I always like to state that this idea comes from a terrible tech issue that I was having with some of my students where I couldn’t hear them and their microphones not working.  I had them act out their answers.   In this version, you can allow students to act out a particular expectation, rule, or procedure and allow the other students to guess which one they are portraying.

6. Make A Video

You can choose to show off your tech-savvy side and create a video!  If you are like me and NOT that much of a tech person, this is still very doable.  You can record the students showing themselves modeling the proper classroom procedure for a particular scenario. For older students, you can have them submit a video of them completing the task. Combine the clips to create a brief classroom behavior expectations video. This would be beneficial to show throughout the year as well for a simple refresher and reminder.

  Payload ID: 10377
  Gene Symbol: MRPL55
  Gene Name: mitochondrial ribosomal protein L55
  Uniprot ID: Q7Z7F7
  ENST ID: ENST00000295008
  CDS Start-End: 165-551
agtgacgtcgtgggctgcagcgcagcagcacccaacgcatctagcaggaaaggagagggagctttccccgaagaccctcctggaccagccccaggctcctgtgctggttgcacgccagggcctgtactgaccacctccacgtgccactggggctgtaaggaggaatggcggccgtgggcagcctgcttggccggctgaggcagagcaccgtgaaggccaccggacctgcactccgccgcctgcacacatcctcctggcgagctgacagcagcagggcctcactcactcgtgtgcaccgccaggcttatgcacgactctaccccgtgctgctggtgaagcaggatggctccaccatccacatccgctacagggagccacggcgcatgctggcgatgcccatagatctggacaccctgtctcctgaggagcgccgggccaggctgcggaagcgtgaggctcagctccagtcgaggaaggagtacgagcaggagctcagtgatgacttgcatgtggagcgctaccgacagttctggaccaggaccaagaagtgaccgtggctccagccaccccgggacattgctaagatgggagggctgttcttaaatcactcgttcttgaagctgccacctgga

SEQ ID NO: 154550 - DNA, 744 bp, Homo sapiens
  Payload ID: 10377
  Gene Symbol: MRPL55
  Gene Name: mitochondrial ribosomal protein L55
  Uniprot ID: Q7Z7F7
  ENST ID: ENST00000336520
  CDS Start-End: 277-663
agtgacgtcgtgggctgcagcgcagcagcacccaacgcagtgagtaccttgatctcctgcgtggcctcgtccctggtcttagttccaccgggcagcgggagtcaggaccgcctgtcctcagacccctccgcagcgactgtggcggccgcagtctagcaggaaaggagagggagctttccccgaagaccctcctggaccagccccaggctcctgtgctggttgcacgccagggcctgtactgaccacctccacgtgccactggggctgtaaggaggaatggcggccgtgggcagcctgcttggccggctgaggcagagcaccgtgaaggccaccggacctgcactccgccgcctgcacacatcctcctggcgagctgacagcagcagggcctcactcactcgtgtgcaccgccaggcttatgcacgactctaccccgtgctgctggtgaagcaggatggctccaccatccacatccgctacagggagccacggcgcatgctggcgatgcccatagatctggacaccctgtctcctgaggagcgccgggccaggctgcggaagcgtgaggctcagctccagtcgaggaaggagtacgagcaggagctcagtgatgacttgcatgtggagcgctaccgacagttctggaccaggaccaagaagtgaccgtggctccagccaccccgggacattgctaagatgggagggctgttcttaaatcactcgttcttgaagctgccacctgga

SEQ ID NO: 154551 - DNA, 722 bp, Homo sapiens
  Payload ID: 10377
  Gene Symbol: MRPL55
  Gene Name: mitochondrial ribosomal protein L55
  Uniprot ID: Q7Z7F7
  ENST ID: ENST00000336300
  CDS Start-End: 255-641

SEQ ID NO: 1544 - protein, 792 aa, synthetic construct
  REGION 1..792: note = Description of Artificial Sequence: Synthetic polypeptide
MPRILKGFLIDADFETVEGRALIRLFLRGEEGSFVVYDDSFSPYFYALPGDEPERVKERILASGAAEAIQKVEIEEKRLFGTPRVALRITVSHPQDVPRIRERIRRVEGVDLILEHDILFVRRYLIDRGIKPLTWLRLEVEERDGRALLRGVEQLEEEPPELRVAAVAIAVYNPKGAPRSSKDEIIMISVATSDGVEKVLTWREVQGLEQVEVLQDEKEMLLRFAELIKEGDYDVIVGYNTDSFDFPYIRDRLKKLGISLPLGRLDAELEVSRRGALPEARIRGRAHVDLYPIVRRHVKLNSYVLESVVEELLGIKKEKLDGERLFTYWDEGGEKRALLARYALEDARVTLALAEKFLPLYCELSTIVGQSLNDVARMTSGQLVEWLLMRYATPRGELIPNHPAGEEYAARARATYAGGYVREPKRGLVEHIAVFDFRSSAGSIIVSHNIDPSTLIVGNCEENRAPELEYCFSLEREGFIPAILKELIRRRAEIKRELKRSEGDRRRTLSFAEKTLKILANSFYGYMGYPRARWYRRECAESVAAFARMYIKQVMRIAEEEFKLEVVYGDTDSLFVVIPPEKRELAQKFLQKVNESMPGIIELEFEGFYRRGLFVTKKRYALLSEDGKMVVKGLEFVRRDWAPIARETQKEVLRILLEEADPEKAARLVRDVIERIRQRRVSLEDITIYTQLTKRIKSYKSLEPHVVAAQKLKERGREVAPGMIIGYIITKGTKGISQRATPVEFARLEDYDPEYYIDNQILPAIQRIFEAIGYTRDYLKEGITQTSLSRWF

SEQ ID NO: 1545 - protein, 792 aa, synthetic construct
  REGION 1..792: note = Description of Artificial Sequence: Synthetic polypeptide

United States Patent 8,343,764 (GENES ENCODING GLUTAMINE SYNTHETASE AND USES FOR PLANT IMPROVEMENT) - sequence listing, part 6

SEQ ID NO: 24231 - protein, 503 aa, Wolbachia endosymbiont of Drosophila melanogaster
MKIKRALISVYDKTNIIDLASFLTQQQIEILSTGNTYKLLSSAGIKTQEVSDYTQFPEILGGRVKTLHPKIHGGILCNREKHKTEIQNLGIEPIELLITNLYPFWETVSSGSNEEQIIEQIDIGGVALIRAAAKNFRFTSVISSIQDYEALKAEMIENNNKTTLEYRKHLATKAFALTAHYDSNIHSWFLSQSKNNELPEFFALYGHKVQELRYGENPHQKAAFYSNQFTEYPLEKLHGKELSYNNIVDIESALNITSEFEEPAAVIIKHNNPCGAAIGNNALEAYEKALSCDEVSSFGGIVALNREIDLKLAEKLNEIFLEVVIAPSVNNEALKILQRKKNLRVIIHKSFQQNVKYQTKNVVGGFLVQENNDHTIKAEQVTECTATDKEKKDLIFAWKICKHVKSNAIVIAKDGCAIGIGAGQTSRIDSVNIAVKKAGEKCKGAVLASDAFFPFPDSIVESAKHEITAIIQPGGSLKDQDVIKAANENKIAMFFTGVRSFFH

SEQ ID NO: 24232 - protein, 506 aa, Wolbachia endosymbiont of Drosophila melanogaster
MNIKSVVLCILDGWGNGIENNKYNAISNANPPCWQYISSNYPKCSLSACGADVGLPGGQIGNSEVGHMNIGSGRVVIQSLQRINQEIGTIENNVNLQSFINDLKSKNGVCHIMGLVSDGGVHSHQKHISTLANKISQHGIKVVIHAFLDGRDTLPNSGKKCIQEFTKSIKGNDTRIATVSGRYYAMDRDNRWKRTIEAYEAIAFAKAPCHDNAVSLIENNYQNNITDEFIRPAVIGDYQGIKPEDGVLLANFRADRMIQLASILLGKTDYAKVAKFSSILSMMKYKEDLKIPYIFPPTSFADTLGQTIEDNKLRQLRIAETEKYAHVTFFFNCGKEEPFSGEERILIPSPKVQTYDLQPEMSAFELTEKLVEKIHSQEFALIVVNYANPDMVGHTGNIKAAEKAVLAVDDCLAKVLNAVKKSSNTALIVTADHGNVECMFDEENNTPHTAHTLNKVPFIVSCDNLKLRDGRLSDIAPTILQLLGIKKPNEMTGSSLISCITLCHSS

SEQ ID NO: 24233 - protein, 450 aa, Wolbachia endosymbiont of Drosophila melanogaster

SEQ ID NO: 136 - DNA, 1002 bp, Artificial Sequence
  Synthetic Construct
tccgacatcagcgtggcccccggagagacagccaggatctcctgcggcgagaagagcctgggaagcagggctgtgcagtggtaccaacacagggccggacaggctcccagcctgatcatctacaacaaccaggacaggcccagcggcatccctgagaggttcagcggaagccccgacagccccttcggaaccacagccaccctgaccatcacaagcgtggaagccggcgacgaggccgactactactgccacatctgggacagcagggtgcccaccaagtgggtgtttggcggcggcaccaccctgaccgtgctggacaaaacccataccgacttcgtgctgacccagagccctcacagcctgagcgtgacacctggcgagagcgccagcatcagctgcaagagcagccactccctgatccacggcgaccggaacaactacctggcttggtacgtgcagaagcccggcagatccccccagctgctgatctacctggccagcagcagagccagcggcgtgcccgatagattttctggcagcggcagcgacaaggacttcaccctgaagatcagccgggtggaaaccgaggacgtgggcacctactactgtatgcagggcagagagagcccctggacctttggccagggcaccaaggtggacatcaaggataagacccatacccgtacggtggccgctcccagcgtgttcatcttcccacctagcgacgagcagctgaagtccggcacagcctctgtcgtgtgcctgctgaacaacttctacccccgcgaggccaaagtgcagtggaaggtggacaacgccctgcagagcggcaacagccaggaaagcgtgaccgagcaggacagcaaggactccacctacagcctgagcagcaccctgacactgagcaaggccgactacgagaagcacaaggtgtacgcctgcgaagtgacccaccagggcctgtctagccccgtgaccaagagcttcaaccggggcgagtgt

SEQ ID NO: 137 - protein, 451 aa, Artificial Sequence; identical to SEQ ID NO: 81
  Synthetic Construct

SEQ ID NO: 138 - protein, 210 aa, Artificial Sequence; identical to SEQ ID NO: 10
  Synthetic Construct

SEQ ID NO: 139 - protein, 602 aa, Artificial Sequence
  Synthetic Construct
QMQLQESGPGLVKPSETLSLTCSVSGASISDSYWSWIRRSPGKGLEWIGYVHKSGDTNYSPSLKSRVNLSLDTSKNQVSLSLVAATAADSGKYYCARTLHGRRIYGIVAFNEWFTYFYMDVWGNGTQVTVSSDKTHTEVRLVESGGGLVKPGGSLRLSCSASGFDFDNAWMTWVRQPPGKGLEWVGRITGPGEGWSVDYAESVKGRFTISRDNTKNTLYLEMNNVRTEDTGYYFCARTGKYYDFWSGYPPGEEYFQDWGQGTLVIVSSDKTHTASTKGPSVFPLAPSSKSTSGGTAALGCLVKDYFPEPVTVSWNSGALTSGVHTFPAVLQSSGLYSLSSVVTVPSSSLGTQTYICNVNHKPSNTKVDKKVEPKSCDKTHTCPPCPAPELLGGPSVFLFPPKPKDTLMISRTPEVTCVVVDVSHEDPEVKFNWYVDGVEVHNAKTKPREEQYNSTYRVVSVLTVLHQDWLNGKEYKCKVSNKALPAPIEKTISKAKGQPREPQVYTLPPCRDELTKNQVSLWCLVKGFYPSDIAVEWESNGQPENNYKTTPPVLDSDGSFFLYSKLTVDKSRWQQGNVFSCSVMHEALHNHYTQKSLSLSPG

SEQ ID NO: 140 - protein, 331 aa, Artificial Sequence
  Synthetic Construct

7. Create a Class Rule Review Book

I LOVE adding “homemade” books to our classroom library that my students have worked hard on. Have students work in groups or individually to create a page explaining a rule or procedure. Don’t forget to allow them to add illustrations of what it looks like.  Once all the students are finished you can assemble the book (laminate for durability and tie together for durability).  You can add the finished product to your classroom library for students to show off their hard and creative work.  


8. Art Walk Rule Review

Here is another fun option for your creative students to complete.  Working individually or in small groups, students can draw a particular rule or procedure on a large piece of paper.  Once finished you can hang the students’ work in the classroom or the hallway.  Allow students to do an art walk and admire other’s art.  This is also a great opportunity to allow other classes to view their work and if they have questions about their art the students can explain the rule or procedure they drew.

9. Two Truths and a Lie